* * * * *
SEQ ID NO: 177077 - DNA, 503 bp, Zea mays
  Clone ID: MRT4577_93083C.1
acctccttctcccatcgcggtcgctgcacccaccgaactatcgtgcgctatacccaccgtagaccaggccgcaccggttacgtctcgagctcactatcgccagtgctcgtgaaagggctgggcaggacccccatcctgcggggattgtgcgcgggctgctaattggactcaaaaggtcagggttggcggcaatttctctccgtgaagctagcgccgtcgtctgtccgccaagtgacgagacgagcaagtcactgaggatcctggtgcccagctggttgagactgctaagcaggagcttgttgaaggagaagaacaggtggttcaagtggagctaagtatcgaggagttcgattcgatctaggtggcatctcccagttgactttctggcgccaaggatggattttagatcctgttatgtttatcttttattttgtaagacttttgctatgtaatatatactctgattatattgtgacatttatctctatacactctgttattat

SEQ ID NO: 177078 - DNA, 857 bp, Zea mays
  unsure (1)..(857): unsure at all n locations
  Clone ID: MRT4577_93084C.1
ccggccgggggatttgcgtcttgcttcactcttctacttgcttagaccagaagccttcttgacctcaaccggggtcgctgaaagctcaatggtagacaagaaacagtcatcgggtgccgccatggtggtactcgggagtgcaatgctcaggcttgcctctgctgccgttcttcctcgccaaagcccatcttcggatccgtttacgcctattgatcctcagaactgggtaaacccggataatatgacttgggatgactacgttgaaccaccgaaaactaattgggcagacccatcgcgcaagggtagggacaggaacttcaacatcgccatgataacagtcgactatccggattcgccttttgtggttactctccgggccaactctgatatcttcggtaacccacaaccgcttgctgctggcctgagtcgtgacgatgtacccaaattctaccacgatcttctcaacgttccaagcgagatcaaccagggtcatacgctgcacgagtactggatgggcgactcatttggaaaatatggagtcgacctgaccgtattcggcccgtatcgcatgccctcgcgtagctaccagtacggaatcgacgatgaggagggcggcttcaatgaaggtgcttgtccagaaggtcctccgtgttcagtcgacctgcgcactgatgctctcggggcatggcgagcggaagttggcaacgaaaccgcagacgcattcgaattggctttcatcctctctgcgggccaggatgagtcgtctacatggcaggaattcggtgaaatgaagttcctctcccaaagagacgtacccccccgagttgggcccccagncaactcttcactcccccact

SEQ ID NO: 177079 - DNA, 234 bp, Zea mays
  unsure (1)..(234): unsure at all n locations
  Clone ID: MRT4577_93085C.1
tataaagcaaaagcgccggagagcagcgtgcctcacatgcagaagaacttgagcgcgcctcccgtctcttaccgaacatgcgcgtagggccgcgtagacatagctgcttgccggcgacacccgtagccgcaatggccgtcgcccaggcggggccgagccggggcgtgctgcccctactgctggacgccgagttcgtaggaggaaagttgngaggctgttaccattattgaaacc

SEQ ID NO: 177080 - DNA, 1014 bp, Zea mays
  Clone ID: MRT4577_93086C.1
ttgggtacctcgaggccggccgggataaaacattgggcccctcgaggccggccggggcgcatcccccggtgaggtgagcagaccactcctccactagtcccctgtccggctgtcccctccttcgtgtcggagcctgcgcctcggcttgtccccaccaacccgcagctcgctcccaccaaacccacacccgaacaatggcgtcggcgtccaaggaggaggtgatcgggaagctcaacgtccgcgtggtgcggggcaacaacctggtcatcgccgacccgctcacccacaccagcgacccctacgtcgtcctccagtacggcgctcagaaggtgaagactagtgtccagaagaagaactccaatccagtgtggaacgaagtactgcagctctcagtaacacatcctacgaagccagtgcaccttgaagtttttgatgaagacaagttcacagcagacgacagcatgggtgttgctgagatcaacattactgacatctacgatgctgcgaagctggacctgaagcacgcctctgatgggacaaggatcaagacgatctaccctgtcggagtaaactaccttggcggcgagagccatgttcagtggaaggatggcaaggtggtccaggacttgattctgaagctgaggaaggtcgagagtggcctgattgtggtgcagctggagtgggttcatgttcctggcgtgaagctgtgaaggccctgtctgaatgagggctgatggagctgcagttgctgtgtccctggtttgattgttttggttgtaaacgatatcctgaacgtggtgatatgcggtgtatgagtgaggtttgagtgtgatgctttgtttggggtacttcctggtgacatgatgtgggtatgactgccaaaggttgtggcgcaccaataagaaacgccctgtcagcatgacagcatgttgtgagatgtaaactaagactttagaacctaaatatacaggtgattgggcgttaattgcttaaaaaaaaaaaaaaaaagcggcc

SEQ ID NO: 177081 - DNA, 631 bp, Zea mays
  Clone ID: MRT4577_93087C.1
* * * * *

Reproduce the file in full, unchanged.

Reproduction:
SEQ ID NO: 177077 - DNA, 503 bp, Zea mays
  Clone ID: MRT4577_93083C.1
acctccttctcccatcgcggtcgctgcacccaccgaactatcgtgcgctatacccaccgtagaccaggccgcaccggttacgtctcgagctcactatcgccagtgctcgtgaaagggctgggcaggacccccatcctgcggggattgtgcgcgggctgctaattggactcaaaaggtcagggttggcggcaatttctctccgtgaagctagcgccgtcgtctgtccgccaagtgacgagacgagcaagtcactgaggatcctggtgcccagctggttgagactgctaagcaggagcttgttgaaggagaagaacaggtggttcaagtggagctaagtatcgaggagttcgattcgatctaggtggcatctcccagttgactttctggcgccaaggatggattttagatcctgttatgtttatcttttattttgtaagacttttgctatgtaatatatactctgattatattgtgacatttatctctatacactctgttattat

SEQ ID NO: 177078 - DNA, 857 bp, Zea mays
  unsure (1)..(857): unsure at all n locations
  Clone ID: MRT4577_93084C.1
ccggccgggggatttgcgtcttgcttcactcttctacttgcttagaccagaagccttcttgacctcaaccggggtcgctgaaagctcaatggtagacaagaaacagtcatcgggtgccgccatggtggtactcgggagtgcaatgctcaggcttgcctctgctgccgttcttcctcgccaaagcccatcttcggatccgtttacgcctattgatcctcagaactgggtaaacccggataatatgacttgggatgactacgttgaaccaccgaaaactaattgggcagacccatcgcgcaagggtagggacaggaacttcaacatcgccatgataacagtcgactatccggattcgccttttgtggttactctccgggccaactctgatatcttcggtaacccacaaccgcttgctgctggcctgagtcgtgacgatgtacccaaattctaccacgatcttctcaacgttccaagcgagatcaaccagggtcatacgctgcacgagtactggatgggcgactcatttggaaaatatggagtcgacctgaccgtattcggcccgtatcgcatgccctcgcgtagctaccagtacggaatcgacgatgaggagggcggcttcaatgaaggtgcttgtccagaaggtcctccgtgttcagtcgacctgcgcactgatgctctcggggcatggcgagcggaagttggcaacgaaaccgcagacgcattcgaattggctttcatcctctctgcgggccaggatgagtcgtctacatggcaggaattcggtgaaatgaagttcctctcccaaagagacgtacccccccgagttgggcccccagncaactcttcactcccccact

SEQ ID NO: 177079 - DNA, 234 bp, Zea mays
  unsure (1)..(234): unsure at all n locations
  Clone ID: MRT4577_93085C.1
tataaagcaaaagcgccggagagcagcgtgcctcacatgcagaagaacttgagcgcgcctcccgtctcttaccgaacatgcgcgtagggccgcgtagacatagctgcttgccggcgacacccgtagccgcaatggccgtcgcccaggcggggccgagccggggcgtgctgcccctactgctggacgccgagttcgtaggaggaaagttgngaggctgttaccattattgaaacc

SEQ ID NO: 177080 - DNA, 1014 bp, Zea mays
  Clone ID: MRT4577_93086C.1
ttgggtacctcgaggccggccgggataaaacattgggcccctcgaggccggccggggcgcatcccccggtgaggtgagcagaccactcctccactagtcccctgtccggctgtcccctccttcgtgtcggagcctgcgcctcggcttgtccccaccaacccgcagctcgctcccaccaaacccacacccgaacaatggcgtcggcgtccaaggaggaggtgatcgggaagctcaacgtccgcgtggtgcggggcaacaacctggtcatcgccgacccgctcacccacaccagcgacccctacgtcgtcctccagtacggcgctcagaaggtgaagactagtgtccagaagaagaactccaatccagtgtggaacgaagtactgcagctctcagtaacacatcctacgaagccagtgcaccttgaagtttttgatgaagacaagttcacagcagacgacagcatgggtgttgctgagatcaacattactgacatctacgatgctgcgaagctggacctgaagcacgcctctgatgggacaaggatcaagacgatctaccctgtcggagtaaactaccttggcggcgagagccatgttcagtggaaggatggcaaggtggtccaggacttgattctgaagctgaggaaggtcgagagtggcctgattgtggtgcagctggagtgggttcatgttcctggcgtgaagctgtgaaggccctgtctgaatgagggctgatggagctgcagttgctgtgtccctggtttgattgttttggttgtaaacgatatcctgaacgtggtgatatgcggtgtatgagtgaggtttgagtgtgatgctttgtttggggtacttcctggtgacatgatgtgggtatgactgccaaaggttgtggcgcaccaataagaaacgccctgtcagcatgacagcatgttgtgagatgtaaactaagactttagaacctaaatatacaggtgattgggcgttaattgcttaaaaaaaaaaaaaaaaagcggcc

SEQ ID NO: 177081 - DNA, 631 bp, Zea mays
  Clone ID: MRT4577_93087C.1